Isolation and loneliness in Edward Hopper paintings


Edward Hopper’s works are among my favourite. The isolation, the loneliness and, in general, the silence of his paintings really speak to me. I like his taciturn characters, his nights, his windows and even, when they exist, his painful blue skies and a sun that insists on illuminating without warming.

Edward Hopper

Edward Hopper

Edward Hopper

Born in New York in 1882, Hopper studied at the Institute of Arts and Design. From 1906 onwards, he visited Europe to complete his training.

Until the first half of the 20th century, this was a common occurrence for artists, who often travelled with funding from their governments, educational institutions or family members.

Once he got to know what was being produced in Europe, Hopper wasn’t attracted by the abstract experiments that were at their peak, but became deeply interested in realism.

From 1913, he began working in so-called commercial art, as a magazine illustrator, something he did for around ten years. It wasn’t his dream job, but with it, Hopper learnt compositional techniques that he would take to his paintings.

By the 1920s, Hopper was more confident as an artist and more mature in his creations.

House by the Railroad

House by the Railroad, Edward Hopper, 1925

House by the Railroad, Edward Hopper, 1925


In the 1920s, Hopper was more confident as an artist and more mature in his creations. With 1925’s House by the Railroad, he inaugurated a period of intense production, in which American urban life and rural scenes stand out.

In time: House by the Railroad inspired the house in which Norman Bates lived with his mother in Alfred Hitchcock’s film Psycho (1960).

Edward Hopper Nighthawks “the paradox of isolation in the midst of visibility”

In his restrained, indifferent and realistic paintings, Hopper evokes a marked sense of urban alienation, emphasising what the American sociologist Richard Senett called the “paradox of isolation in the midst of visibility”.

In: All About Art, organised by Stephen Farthing.


Edward Hopper nighthawks , 1942

Edward Hopper nighthawks , 1942


Fluorescent light inside, darkness outside. The contrast of this lighting is one of the first things we notice in Nighthawks, a painting from 1942.

The play of light and shadows is well defined and gives the painting a theatrical (and slightly sinister) appearance.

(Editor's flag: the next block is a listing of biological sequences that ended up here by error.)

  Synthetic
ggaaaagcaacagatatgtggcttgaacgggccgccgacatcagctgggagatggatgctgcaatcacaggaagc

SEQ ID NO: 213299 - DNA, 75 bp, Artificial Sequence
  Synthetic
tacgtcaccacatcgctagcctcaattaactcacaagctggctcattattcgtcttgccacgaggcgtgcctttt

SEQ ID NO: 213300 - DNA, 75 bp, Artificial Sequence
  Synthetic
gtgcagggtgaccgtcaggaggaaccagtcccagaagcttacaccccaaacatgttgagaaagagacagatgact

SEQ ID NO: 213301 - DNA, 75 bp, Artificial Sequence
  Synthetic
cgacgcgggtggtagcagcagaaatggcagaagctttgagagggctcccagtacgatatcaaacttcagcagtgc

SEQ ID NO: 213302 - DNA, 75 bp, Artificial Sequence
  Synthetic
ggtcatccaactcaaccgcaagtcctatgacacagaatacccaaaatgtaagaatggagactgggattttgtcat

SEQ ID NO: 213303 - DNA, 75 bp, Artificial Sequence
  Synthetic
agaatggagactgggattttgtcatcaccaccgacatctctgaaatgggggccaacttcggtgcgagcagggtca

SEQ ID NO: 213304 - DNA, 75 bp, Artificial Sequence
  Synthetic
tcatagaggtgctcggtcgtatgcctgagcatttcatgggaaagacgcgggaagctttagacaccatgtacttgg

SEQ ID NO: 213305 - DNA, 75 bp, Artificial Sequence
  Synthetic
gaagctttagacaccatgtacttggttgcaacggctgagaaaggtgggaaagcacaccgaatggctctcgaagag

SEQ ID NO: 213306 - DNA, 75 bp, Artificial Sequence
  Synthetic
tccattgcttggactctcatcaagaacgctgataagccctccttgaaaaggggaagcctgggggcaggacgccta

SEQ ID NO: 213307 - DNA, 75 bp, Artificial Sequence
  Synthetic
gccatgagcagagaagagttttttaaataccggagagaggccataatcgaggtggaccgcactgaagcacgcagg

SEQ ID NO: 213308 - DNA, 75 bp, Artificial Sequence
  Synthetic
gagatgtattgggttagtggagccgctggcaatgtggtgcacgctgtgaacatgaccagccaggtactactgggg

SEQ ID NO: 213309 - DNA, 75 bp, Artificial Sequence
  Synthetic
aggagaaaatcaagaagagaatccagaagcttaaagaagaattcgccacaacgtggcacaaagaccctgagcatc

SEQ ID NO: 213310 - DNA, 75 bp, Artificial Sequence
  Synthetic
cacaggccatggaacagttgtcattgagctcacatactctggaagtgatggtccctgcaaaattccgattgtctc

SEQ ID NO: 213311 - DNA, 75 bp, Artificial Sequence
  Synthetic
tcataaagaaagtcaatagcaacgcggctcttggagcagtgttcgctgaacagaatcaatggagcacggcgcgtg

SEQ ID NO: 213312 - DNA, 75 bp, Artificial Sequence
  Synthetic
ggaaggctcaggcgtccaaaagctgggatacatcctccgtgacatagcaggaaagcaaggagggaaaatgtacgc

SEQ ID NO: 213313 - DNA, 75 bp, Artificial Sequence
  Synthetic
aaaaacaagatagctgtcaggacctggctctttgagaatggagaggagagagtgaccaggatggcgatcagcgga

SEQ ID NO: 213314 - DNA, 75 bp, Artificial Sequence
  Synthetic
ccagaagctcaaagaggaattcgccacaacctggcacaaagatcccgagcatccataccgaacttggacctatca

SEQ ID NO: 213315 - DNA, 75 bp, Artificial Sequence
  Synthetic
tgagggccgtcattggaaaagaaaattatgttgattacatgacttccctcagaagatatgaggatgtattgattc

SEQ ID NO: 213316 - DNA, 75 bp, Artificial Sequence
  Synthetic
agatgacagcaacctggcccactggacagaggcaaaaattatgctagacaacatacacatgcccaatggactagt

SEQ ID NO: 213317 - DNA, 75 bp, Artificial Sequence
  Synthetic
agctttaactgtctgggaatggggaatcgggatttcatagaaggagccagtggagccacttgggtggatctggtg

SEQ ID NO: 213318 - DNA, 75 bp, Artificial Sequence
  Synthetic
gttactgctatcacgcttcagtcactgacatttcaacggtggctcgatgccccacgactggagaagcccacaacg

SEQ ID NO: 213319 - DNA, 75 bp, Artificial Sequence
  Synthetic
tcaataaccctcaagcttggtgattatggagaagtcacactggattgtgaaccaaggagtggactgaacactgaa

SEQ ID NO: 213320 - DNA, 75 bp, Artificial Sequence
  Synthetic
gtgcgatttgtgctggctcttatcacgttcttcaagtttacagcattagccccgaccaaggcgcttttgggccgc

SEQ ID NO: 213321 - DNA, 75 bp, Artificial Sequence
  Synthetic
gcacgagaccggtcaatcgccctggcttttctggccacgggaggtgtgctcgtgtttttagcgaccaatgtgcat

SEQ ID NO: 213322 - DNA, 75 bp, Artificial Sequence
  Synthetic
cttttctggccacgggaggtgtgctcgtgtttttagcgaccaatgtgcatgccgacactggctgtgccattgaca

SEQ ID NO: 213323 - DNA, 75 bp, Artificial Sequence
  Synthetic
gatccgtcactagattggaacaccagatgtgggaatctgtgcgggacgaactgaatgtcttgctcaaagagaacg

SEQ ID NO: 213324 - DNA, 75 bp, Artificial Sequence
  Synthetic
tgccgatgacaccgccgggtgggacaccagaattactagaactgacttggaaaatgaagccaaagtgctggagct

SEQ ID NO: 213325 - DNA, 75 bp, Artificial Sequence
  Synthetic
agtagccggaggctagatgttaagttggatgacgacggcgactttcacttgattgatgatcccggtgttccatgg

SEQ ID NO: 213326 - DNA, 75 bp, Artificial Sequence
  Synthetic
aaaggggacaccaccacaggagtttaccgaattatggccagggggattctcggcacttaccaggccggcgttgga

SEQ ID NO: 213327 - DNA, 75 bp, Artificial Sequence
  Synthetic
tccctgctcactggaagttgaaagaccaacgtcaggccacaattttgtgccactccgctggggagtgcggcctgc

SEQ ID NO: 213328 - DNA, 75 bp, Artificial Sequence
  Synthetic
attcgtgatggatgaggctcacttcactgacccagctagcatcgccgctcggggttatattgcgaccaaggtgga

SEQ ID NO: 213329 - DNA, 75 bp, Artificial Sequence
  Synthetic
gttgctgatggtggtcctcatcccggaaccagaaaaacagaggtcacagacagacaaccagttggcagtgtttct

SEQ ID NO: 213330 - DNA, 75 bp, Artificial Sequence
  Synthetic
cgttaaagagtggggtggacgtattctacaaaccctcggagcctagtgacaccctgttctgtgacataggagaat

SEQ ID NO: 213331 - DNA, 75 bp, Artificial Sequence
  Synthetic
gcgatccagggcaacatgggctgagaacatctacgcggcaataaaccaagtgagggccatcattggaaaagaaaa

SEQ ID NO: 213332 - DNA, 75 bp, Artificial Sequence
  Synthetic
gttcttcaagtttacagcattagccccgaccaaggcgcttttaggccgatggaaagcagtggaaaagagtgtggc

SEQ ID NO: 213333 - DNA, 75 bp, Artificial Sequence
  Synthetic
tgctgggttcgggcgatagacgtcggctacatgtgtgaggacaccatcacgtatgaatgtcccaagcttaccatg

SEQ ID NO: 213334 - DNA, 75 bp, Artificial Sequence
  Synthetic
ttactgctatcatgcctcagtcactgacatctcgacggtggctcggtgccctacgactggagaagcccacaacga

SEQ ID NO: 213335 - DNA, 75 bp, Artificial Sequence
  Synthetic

There are no visible doors in the restaurant, which conveys a sense of confinement: the characters are isolated and we, observers, can’t get closer.

Edward Hopper nighthawks , 1942 detail

Edward Hopper nighthawks , 1942 , detail


Our gaze is almost immediately drawn to the trio: the man in the hat and the woman in red, and the waiter.

The clients are holding hands, but they are not interacting. Although they are side by side, they could be strangers, and even if they are intimate, at this moment each one is absorbed in their own thoughts. The waiter, on the other hand, is looking at the dark shopfront across the street, where all that can be seen is a cash register.

Edward Hopper nighthawks 1942 detail

Edward Hopper nighthawks 1942 detail


A third customer, a man, has his back turned and is in a half-shadow, more isolated than the others, hidden by the painting itself. The presence of this faceless man, marked by his anonymity, is one of the most important elements in the painting, as it emphasises the feeling that the restaurant’s small universe is completely impenetrable.

Edward Hopper: loneliness and isolation

Most of Edward Hopper ‘s works touch, in one way or another, on issues of loneliness and isolation. The lack of interaction. The lack of contact.

Many of the paintings are of houses and windows that give the feeling that no one has been there for a long time, and at the same time that someone is moving around on tiptoe to avoid answering outsiders.

Towards the end of the 1940s, Abstract Expressionism left Hopper a little isolated (or did he isolate himself?), because it was a very different type of art from realism.

However, later, with Pop Art, his art became a reference.

Edward Hopper died in 1967, and his wife, Jo Nivison, donated part of his work to the  Whitney Museum.

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Rute Ferreira

I am an art teacher with a background in theater, art history and museology. I’m also specialized in Distance Education and I work in basic education. I write regularly on the blog and the I firmly believe that the history of art is the true history of humanity.

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